The seven members of Strawfoot immerse themselves in old-timey music with the same spirit that makes Civil War re-enactors don wool uniforms and fire antiquated muskets at each other: They seem so caught up in the fantasy that it's useless to question their intentions. To buy into Strawfoot is to put aside any conceptions of authenticity it's best to realize that all music is artifice and all performance is a pose. Hell, if the Decemberists can sell out venues pretending to be engine drivers and chimney sweeps, Strawfoot can inhabit the fire-and-brimstone world of Depression-era string music. Reverend Uncle Marcus leads the gang with his pinched, twang-inflected voice and spare mandolin, and his gospels are long on sin and short on salvation. Bookended by versions of the standard "Wayfarin' Stranger," Chasing Locusts' ten original tracks follow a loose storyline of a philandering preacher who pays for his sins by wandering the Earth, having found that Heaven doesn't want him and that Hell is full. Can a man so addled with sin ever find redemption? It would seem not and besides, songs about being low-down are more fun than songs about being righteous.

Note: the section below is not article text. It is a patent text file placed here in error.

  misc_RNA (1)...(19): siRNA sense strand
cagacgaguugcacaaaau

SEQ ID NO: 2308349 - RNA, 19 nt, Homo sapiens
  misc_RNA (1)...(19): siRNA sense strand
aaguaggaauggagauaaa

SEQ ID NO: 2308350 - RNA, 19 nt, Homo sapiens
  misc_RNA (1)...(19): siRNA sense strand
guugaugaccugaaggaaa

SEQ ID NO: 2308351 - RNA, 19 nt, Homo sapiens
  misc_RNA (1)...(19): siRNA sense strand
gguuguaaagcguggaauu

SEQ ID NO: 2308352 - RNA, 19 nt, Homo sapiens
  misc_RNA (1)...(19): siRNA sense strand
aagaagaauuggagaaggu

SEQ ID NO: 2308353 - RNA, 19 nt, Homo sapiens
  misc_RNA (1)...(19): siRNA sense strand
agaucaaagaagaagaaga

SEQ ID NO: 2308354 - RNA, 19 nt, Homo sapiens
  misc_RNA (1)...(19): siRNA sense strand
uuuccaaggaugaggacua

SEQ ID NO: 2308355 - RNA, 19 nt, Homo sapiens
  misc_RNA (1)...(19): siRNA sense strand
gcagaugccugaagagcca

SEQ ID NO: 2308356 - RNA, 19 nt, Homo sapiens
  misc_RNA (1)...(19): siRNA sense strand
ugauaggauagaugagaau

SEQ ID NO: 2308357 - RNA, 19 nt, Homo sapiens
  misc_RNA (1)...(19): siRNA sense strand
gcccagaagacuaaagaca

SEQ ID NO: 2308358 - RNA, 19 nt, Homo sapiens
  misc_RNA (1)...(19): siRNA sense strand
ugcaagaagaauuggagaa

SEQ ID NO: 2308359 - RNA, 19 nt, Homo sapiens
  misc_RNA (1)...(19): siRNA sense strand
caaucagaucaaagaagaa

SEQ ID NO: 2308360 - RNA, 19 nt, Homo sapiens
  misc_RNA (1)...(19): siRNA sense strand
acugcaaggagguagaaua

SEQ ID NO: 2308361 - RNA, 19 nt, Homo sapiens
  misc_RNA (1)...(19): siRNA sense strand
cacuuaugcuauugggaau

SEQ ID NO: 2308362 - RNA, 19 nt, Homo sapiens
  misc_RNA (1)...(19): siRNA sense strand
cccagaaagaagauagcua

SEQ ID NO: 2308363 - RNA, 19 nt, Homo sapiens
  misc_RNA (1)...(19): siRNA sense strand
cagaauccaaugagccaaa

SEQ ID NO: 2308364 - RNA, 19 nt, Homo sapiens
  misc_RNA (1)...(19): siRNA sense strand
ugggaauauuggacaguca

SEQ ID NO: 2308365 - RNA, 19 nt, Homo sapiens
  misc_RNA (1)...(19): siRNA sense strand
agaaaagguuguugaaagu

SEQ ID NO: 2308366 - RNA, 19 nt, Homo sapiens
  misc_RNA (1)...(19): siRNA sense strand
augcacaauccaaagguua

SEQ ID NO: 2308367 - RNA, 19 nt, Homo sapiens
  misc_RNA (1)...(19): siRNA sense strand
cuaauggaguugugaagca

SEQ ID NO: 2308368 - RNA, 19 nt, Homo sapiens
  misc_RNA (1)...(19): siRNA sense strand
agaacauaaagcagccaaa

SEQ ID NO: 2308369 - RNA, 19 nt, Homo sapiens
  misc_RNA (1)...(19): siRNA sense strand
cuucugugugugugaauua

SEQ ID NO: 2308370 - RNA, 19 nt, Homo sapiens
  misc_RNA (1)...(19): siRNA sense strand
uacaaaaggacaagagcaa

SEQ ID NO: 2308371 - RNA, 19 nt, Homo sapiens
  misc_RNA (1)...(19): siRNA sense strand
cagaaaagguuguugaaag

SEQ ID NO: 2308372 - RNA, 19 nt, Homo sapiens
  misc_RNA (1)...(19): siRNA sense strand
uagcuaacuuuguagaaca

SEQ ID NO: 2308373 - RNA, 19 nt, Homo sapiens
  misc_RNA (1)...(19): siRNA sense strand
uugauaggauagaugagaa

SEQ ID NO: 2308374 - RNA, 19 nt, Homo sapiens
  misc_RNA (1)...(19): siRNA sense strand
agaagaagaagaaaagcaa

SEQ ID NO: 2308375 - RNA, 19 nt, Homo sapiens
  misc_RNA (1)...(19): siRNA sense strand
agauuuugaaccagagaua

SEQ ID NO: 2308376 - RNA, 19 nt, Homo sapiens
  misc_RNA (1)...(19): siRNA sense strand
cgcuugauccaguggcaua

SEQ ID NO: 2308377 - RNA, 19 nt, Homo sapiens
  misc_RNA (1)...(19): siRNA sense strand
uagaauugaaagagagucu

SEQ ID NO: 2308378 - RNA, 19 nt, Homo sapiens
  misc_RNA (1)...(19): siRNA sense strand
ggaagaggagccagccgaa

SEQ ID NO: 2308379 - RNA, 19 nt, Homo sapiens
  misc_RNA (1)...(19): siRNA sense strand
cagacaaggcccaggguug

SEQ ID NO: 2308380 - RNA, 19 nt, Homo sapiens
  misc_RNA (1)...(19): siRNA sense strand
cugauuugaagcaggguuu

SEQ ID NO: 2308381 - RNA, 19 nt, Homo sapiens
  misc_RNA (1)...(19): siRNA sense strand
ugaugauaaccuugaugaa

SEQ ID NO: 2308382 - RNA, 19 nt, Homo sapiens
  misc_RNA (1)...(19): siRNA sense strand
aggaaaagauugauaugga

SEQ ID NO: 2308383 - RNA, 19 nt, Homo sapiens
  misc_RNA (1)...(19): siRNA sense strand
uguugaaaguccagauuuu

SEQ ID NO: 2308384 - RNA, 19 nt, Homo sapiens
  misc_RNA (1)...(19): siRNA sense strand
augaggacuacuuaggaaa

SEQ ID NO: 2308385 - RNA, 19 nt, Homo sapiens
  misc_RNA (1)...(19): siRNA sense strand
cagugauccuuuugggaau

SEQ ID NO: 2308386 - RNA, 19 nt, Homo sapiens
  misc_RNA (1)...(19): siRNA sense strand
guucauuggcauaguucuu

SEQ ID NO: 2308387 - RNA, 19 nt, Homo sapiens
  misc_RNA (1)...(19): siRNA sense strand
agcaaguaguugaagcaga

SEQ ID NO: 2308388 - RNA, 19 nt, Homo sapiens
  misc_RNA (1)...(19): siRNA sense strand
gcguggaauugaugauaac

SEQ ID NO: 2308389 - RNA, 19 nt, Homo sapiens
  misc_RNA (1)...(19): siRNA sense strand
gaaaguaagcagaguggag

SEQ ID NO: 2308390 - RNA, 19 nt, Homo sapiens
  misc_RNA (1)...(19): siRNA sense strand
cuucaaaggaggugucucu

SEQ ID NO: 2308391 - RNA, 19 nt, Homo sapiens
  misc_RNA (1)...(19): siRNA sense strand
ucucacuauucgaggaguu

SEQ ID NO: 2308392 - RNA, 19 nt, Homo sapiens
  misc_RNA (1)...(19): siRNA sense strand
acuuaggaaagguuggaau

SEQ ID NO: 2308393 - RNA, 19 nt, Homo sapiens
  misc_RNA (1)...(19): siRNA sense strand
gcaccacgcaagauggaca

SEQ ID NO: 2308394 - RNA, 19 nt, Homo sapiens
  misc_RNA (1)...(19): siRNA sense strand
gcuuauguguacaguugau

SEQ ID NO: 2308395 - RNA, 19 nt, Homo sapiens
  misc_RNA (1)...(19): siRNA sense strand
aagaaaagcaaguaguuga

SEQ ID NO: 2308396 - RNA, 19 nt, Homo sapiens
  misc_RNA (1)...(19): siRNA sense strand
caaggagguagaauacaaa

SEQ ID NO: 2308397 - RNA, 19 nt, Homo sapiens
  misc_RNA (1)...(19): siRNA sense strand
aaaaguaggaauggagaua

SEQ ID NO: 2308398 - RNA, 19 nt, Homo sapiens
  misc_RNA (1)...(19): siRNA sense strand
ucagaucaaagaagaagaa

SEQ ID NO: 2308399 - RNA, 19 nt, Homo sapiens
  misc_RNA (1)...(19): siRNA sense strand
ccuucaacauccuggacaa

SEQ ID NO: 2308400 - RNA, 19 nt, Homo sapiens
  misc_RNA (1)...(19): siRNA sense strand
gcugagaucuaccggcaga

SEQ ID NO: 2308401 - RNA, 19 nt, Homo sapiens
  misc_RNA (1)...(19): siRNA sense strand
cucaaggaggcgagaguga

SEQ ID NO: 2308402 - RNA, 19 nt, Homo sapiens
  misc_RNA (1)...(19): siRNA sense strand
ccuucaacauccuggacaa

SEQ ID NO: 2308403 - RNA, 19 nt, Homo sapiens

The band members, who further the ruse by adding "Brother" or "Sister" to their names, play broke-down string-band music with varying degrees of skill. Sister Jenn's fiddle carries most of the tunes with either a lonesome, quavering grace (as on the murder ballad "Crooked Neck") or a sawing urgency (which propels the sing-along "My Dog").The rest of the musicians strum and pluck with more conviction than skill, as befits a band whose definition of "old-timey music" includes, among other signifiers, slide-guitar blues, amplified harmonica and booming drums. When all of these pieces come together, as they do on the stirring, propulsive "Cloth," Strawfoot seem so bound up in the spirit of the music that it's hard not to buy into the act.